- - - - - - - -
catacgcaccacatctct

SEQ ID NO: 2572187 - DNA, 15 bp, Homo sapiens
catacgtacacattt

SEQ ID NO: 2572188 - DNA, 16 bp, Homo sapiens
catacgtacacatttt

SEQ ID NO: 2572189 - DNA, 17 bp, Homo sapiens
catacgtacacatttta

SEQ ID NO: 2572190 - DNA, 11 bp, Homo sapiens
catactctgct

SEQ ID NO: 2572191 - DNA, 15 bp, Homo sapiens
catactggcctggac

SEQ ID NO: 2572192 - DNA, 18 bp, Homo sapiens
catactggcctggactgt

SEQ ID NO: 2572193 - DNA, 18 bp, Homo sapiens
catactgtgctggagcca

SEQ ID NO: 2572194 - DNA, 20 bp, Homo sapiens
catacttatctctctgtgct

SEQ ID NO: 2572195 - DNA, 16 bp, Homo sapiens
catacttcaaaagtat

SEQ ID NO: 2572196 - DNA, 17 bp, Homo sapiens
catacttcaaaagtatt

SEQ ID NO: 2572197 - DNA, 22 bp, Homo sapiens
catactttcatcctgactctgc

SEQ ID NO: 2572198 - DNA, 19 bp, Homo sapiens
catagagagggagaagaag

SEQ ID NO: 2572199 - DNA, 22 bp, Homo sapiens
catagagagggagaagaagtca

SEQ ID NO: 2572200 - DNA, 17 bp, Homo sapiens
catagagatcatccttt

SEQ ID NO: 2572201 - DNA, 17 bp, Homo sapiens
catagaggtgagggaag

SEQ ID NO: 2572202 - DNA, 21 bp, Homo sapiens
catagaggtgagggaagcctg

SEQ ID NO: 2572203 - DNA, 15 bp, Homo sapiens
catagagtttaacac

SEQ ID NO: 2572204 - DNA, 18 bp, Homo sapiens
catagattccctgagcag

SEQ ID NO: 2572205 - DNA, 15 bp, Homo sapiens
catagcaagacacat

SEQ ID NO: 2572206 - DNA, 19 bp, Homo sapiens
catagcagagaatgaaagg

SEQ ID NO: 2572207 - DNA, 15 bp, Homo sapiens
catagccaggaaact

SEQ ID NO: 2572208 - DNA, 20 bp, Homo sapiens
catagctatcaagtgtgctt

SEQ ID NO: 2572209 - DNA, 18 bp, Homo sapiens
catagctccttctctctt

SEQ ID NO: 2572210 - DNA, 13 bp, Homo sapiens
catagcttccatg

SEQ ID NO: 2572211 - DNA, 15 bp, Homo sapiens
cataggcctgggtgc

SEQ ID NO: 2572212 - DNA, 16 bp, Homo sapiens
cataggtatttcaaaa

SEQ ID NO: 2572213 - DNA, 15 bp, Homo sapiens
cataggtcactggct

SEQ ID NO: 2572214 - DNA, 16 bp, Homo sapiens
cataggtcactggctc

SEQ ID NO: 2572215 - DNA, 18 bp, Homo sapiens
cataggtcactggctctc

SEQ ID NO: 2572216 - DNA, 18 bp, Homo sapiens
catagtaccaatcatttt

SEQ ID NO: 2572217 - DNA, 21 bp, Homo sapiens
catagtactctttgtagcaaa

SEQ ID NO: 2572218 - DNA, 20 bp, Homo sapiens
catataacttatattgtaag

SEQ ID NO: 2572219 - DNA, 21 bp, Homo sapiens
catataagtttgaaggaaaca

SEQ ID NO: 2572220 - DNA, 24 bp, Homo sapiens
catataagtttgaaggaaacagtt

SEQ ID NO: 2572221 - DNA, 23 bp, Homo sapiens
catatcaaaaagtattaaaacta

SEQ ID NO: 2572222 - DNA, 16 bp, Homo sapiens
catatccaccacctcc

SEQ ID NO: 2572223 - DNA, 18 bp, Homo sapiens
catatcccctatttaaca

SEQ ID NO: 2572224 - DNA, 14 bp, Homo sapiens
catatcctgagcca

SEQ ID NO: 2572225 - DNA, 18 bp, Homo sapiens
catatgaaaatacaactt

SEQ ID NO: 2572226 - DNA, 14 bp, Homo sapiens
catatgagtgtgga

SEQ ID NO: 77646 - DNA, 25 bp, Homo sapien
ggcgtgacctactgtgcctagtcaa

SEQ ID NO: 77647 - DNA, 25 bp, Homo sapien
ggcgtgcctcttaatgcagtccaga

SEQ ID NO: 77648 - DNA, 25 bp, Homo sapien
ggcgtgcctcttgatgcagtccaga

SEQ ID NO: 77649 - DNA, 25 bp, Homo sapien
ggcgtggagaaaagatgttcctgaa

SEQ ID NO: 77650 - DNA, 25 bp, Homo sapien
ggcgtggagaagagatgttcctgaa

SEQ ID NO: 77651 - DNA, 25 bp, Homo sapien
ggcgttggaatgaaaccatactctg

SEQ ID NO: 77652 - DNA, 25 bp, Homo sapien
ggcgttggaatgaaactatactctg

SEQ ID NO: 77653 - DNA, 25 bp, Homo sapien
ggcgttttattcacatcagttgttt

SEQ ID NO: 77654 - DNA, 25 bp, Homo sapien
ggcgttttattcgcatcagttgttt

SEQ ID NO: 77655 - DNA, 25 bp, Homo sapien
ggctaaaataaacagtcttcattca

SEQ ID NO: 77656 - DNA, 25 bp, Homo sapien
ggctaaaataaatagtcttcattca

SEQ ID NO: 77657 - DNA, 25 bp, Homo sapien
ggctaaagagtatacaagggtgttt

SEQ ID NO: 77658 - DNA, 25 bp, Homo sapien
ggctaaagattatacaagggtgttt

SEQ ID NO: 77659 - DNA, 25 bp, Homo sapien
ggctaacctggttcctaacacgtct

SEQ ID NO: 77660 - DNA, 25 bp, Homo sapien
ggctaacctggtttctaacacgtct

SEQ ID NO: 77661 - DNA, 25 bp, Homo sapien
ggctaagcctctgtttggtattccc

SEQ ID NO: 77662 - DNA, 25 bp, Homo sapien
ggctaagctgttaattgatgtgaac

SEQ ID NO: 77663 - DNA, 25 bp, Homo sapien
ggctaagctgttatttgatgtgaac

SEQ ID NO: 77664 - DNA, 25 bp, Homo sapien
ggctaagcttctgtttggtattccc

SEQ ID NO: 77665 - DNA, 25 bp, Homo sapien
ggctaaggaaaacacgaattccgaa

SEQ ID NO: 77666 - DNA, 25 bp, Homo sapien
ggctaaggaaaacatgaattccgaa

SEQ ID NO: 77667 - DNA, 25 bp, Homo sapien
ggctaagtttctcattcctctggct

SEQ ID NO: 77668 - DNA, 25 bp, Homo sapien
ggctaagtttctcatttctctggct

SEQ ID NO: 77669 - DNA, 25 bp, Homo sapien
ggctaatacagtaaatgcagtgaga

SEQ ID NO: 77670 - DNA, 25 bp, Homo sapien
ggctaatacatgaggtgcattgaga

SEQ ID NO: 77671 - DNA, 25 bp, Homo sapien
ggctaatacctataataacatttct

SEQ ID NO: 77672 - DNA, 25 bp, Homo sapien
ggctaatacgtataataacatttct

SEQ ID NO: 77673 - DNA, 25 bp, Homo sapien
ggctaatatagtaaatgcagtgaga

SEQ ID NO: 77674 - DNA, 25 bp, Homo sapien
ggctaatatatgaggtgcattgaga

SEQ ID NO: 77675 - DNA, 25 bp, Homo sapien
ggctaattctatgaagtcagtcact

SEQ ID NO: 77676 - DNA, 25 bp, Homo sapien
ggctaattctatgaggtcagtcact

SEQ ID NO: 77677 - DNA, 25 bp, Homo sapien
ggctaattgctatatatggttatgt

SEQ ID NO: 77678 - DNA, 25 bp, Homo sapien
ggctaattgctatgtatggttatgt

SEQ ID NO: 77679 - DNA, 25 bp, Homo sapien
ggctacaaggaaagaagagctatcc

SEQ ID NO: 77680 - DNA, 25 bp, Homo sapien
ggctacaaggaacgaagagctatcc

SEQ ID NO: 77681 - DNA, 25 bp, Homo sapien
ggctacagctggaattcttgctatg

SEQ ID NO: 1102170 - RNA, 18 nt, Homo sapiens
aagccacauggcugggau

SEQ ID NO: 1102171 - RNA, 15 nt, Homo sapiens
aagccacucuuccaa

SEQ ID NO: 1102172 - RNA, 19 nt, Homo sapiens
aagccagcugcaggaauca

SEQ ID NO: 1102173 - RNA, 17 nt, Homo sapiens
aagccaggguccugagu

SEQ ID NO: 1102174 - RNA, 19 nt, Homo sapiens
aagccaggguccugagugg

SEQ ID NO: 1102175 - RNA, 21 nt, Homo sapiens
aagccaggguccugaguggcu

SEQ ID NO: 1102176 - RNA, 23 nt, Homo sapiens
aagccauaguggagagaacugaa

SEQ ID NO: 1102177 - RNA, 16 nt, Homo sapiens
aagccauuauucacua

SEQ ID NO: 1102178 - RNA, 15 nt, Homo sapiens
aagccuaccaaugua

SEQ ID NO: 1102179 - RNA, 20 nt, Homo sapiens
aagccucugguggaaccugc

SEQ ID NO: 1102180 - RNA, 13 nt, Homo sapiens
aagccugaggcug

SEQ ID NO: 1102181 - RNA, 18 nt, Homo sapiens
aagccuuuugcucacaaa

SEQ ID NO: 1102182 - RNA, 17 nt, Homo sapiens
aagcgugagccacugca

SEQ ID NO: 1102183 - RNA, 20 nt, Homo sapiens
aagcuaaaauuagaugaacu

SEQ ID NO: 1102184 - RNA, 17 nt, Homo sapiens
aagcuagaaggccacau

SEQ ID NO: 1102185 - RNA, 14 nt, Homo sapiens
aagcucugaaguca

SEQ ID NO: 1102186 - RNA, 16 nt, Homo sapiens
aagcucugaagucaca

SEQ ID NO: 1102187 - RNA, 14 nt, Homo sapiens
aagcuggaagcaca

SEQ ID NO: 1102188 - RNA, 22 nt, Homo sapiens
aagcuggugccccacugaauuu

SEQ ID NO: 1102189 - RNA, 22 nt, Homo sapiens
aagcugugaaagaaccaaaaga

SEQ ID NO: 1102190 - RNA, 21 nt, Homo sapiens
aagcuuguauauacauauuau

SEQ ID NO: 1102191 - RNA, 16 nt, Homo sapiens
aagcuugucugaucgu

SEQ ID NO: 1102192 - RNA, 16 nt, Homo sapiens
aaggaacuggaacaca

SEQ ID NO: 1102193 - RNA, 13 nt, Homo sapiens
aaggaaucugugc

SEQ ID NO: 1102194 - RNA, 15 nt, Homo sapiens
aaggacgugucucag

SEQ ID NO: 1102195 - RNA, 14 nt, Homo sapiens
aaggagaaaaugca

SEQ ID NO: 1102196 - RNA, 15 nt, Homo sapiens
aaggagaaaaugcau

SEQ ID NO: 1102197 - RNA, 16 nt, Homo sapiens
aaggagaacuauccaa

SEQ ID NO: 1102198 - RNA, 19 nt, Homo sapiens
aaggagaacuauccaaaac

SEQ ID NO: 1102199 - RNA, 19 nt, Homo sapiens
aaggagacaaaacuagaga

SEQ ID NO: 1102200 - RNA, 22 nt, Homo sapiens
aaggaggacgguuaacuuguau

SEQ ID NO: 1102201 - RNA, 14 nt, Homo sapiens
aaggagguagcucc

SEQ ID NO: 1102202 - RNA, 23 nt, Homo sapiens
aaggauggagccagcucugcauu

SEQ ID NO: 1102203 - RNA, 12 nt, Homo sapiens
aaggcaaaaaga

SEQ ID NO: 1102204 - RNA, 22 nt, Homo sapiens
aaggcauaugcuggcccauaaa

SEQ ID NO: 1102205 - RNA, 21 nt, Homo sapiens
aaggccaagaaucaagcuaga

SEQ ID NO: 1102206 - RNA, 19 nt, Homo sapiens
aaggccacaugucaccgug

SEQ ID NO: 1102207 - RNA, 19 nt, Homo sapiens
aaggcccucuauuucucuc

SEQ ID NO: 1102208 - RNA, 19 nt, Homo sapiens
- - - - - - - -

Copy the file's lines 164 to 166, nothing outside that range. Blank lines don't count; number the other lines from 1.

SEQ ID NO: 1102175 - RNA, 21 nt, Homo sapiens
aagccaggguccugaguggcu

SEQ ID NO: 1102176 - RNA, 23 nt, Homo sapiens